De Haas also accused me of “conveniently side stepping the gross infringements of the land rights of rural residents by the trust, and by some traditional leaders.” Yet my article stated:
For the record, I must state (that) I am not at all defending short comings on the part of the Ingonyama Trust Board, if any. What worries me is the demonstration of disingenuity by the anti-Ingonyama Trust Land voices.

It is a fact that almost daily South Africans face untold problems caused by fraud, corruption, unfulfilled promises, maladministration and other vices attributed to national, provincial and local governments. The State Capture Commission, the PIC Commission, other investigating organs as well as daily protests by frustrated communities, all stand as evidence of the sufferings meted out to citizens under the western forms of government. Yet no one has called for doing away with government structures. Rather we all argue for devising means to rescue government from the clutches of evil.

Why not adopt the same approach to the Ingonyama Trust Land Act? Why not talk about devising means to ensure fairness, efficiency and effectiveness of the institution so that it achieves its objectives? Why, only in the case of Ingonyama Trust Land, do they seek to throw out the baby with the bath water?”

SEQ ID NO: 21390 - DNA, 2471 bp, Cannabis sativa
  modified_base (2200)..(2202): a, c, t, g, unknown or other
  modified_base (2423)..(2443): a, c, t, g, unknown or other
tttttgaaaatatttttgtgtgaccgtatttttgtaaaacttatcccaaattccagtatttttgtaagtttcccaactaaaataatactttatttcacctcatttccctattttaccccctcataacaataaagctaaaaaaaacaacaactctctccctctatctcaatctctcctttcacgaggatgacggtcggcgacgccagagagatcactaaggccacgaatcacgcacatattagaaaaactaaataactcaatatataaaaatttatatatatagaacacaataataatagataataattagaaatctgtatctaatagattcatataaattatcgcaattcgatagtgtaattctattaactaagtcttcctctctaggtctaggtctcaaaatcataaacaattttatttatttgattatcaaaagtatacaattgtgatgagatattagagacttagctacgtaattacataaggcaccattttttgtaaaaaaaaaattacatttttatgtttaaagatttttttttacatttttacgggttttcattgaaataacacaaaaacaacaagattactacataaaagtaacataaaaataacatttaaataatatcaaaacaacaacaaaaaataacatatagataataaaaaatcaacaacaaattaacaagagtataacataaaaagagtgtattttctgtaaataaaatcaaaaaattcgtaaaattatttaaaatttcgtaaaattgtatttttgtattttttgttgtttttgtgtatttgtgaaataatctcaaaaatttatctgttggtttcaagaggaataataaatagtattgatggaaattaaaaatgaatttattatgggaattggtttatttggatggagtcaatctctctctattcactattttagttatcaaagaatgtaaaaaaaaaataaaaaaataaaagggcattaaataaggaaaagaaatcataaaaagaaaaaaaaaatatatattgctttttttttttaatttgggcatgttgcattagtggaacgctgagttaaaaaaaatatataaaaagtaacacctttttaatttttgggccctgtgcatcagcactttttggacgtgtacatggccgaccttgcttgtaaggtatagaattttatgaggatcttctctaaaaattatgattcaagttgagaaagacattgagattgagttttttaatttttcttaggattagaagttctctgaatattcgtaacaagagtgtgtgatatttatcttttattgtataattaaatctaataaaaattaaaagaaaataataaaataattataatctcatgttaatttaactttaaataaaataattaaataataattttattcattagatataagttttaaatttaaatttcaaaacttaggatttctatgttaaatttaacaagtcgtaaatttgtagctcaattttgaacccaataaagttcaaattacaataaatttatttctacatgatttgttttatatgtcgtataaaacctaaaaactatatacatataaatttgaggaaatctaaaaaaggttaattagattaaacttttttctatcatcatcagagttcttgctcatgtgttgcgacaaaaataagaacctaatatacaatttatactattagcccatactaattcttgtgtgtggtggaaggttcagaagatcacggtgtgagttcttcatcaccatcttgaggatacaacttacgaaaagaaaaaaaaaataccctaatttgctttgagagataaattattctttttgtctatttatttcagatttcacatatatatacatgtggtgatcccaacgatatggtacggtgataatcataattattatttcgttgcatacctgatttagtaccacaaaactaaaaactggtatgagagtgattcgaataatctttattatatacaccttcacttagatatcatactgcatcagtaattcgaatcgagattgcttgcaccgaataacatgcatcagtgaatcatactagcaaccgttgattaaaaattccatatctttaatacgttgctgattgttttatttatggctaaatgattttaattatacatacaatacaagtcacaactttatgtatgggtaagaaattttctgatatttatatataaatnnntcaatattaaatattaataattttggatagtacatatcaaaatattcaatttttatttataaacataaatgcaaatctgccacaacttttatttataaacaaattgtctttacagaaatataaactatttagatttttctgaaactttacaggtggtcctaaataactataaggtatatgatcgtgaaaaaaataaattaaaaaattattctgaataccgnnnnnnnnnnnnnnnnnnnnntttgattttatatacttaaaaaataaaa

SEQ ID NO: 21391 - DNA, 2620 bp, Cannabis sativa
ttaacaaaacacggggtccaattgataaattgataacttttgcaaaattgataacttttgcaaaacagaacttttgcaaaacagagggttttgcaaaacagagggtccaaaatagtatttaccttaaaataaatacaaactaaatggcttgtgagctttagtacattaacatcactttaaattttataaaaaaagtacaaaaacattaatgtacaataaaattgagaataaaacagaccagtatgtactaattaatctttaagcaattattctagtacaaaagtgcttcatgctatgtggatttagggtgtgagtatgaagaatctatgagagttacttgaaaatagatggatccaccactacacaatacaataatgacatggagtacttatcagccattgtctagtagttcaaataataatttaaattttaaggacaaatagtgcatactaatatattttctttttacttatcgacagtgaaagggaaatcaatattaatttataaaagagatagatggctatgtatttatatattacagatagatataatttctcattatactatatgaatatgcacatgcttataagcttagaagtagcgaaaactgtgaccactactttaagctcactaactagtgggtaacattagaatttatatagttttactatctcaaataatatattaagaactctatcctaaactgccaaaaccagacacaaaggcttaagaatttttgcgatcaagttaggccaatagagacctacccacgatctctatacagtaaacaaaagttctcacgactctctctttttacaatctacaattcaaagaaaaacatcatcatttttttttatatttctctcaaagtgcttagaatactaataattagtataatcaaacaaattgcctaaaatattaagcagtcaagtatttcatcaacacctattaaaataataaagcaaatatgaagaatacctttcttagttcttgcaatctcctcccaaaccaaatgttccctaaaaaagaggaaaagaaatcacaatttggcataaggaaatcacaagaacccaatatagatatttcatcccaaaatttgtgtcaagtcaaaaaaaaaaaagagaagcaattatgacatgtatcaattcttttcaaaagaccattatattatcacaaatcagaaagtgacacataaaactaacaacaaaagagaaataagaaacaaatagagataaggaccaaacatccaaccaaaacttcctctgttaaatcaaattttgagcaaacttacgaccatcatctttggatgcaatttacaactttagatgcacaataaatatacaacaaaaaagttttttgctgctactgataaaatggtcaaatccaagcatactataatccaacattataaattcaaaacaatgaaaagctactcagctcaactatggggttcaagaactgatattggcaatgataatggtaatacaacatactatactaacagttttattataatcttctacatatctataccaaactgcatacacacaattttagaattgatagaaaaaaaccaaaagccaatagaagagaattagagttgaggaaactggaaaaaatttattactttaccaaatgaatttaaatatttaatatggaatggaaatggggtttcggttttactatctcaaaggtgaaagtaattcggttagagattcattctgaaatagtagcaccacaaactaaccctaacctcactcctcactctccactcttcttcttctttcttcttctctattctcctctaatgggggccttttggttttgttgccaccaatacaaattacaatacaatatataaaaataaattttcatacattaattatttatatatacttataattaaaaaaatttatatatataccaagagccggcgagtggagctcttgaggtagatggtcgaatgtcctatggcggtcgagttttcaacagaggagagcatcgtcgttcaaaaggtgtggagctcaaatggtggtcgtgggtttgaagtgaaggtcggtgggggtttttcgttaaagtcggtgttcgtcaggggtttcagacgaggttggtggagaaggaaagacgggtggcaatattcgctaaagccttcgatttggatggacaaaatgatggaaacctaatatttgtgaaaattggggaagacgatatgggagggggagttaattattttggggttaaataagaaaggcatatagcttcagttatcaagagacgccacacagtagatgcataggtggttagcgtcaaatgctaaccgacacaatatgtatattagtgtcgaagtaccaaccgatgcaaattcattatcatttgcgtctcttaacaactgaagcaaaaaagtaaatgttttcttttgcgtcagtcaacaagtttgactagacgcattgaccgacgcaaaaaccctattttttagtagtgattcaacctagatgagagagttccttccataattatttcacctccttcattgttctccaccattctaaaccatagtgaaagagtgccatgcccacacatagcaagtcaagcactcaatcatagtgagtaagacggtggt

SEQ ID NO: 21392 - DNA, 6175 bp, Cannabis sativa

Truth-be-told, the “gross-infringements of land rights of rural residents by the Trust, and by some traditional leaders” are allegations, serious though they are, as long as they have not been proved as facts. What muddies the waters with regards to dealing justly with these serious allegations are counter-allegations that both Panels on Land did not approach our King and Traditional Leaders as well as the Board to hear their versions. How do we then sentence Ingonyama Board before they have been afforded the opportunity? In fact, I challenge De Haas to officially approach bodies that are authorised to deal legally with these allegations, instead of writing about them.

De Hass argues that some of the land currently under the Ingonyama Trust Board was not part of the Zulu Kingdom. She further alleges that the southern and far northern area of KwaZulu-Natal were not part of the kingdom. She however does not tell us whose lands they were. Did they belong to the Queen or apartheid government? I will leave this to Amakhosi in these areas to tell the truth about these allegations. Save to say that, if she is interested, De Haas must revisit the praises (izibongo) of King Shaka to see if she will not find clues that his kingdom spread as far as Umzimvubu. She must also ask the indigenous who are knowledgeable in Zulu history how we came to have areas known as Khangela and Amanzintoti in Durban.

To De Haas’s foreign mind, the fact that different “chiefdoms” continued to exist and supplied King Shaka with cattle means that the King had not succeeded to “incorporate these areas into his kingdom.” Africans will tell her what significance lies behind “supplying cattle” to another king. We, who are part of that history, know that the reason why the clans continued to exist during King Shaka’s reign was that the King’s approach was not to conquer with the objective to subjugate and annihilate. Hence, there is a school of thought, which I agree with, which argues that King Shaka’s approach was federal in nature.